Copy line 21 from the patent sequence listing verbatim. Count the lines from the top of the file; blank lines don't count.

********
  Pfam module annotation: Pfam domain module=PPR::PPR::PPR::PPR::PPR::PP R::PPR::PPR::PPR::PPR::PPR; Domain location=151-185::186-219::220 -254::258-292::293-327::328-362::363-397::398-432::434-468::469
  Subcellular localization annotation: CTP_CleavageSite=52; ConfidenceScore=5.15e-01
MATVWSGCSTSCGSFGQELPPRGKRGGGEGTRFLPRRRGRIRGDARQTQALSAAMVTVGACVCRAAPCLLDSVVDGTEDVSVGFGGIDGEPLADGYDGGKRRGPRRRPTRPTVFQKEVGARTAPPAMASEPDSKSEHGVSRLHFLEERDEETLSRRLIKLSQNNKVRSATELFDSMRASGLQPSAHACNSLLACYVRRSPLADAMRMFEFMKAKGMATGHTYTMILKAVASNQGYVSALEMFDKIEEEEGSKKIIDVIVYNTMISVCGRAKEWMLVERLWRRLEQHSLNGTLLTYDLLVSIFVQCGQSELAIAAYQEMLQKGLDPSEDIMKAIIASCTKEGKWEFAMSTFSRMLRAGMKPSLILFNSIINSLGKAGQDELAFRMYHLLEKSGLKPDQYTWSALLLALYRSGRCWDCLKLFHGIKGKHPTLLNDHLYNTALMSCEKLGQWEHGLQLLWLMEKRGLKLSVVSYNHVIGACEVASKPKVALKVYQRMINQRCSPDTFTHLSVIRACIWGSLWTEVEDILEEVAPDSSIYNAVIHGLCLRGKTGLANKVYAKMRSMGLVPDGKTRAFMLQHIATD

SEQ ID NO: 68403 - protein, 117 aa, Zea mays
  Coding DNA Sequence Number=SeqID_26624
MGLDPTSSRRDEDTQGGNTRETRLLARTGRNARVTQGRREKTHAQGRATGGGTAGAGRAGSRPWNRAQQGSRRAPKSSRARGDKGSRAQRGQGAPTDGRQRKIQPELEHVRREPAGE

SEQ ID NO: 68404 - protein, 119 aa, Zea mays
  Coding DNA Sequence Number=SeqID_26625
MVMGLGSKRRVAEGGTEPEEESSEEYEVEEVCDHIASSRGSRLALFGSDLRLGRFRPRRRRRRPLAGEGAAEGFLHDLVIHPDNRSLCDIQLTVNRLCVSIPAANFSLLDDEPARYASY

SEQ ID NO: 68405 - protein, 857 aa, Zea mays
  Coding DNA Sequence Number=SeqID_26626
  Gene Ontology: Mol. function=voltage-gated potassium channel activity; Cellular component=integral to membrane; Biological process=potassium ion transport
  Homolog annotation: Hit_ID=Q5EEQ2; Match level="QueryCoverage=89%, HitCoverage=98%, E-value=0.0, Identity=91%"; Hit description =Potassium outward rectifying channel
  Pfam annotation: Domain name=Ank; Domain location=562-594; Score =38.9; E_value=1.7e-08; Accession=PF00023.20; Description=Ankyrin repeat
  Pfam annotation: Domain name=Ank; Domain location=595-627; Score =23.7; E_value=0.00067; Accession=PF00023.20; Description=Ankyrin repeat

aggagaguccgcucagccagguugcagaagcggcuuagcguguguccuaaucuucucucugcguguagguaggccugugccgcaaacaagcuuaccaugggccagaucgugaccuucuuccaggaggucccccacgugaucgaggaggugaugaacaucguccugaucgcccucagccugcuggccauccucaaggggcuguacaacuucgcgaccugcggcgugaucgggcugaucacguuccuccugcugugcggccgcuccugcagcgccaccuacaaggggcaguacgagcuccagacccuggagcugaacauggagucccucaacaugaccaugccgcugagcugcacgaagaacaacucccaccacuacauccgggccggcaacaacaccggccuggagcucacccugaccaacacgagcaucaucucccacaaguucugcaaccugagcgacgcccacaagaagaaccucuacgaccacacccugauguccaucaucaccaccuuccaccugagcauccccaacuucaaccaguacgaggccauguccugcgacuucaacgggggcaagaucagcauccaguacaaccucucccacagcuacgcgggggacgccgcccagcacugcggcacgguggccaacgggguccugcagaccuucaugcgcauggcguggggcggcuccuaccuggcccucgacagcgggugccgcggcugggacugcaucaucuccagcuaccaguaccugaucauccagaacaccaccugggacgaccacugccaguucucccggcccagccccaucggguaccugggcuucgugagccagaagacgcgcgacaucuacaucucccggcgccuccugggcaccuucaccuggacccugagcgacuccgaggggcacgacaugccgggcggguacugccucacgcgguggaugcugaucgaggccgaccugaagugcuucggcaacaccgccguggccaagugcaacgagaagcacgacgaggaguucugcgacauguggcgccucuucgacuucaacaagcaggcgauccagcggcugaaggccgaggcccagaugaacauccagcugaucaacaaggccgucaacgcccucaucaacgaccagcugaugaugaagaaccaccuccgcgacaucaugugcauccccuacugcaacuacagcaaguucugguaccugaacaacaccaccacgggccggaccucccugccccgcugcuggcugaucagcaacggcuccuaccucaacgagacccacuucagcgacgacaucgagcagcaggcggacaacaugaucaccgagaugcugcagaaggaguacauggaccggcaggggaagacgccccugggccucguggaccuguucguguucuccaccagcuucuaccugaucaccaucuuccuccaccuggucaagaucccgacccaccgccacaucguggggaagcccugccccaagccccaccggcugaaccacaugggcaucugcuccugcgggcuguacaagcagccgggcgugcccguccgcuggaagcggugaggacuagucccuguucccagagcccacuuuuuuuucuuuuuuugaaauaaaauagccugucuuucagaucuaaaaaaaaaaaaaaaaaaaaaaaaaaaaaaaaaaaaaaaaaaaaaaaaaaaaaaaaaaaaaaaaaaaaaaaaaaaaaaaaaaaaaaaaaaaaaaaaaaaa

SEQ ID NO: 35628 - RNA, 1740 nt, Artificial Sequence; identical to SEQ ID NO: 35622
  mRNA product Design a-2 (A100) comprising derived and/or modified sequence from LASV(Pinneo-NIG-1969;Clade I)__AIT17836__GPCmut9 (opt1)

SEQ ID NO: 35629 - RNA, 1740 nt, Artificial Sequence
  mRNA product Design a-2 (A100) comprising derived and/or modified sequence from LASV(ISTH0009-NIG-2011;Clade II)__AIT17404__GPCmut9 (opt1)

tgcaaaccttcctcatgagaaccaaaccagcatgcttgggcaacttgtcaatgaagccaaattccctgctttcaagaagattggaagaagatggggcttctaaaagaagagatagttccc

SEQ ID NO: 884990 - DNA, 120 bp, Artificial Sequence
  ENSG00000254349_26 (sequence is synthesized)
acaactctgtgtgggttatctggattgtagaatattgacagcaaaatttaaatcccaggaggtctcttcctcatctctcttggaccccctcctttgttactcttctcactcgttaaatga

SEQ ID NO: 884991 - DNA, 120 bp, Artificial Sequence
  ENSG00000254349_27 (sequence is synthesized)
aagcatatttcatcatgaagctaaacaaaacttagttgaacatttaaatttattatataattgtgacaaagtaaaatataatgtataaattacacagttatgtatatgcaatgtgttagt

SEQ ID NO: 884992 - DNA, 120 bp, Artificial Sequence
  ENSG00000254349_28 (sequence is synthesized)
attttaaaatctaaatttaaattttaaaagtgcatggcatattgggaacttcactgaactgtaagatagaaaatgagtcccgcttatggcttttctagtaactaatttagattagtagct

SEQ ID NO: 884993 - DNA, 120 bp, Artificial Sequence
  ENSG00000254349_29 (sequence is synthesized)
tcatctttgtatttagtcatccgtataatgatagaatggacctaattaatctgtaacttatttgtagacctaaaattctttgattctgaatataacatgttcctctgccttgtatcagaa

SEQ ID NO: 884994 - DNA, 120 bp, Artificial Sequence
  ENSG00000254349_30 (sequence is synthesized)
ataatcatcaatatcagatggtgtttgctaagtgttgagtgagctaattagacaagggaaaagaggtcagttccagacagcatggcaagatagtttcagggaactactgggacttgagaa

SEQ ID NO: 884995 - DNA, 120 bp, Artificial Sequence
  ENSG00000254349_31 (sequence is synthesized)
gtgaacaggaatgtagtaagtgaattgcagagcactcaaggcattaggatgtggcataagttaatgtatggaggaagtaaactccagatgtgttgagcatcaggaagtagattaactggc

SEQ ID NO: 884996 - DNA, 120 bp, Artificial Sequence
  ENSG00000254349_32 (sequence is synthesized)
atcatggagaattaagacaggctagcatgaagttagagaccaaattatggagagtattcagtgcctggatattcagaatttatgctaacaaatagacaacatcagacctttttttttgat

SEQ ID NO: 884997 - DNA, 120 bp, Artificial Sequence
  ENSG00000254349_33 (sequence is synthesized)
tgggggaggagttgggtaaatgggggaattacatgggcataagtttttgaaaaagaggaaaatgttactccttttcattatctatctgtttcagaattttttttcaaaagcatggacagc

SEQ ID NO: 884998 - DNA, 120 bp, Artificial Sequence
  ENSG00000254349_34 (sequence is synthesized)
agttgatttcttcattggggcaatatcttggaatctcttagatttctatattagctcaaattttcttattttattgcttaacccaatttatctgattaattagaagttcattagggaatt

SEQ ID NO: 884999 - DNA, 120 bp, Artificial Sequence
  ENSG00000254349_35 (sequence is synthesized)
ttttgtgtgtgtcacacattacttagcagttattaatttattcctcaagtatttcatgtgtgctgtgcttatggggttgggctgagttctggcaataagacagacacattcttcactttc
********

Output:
tgcaaaccttcctcatgagaaccaaaccagcatgcttgggcaacttgtcaatgaagccaaattccctgctttcaagaagattggaagaagatggggcttctaaaagaagagatagttccc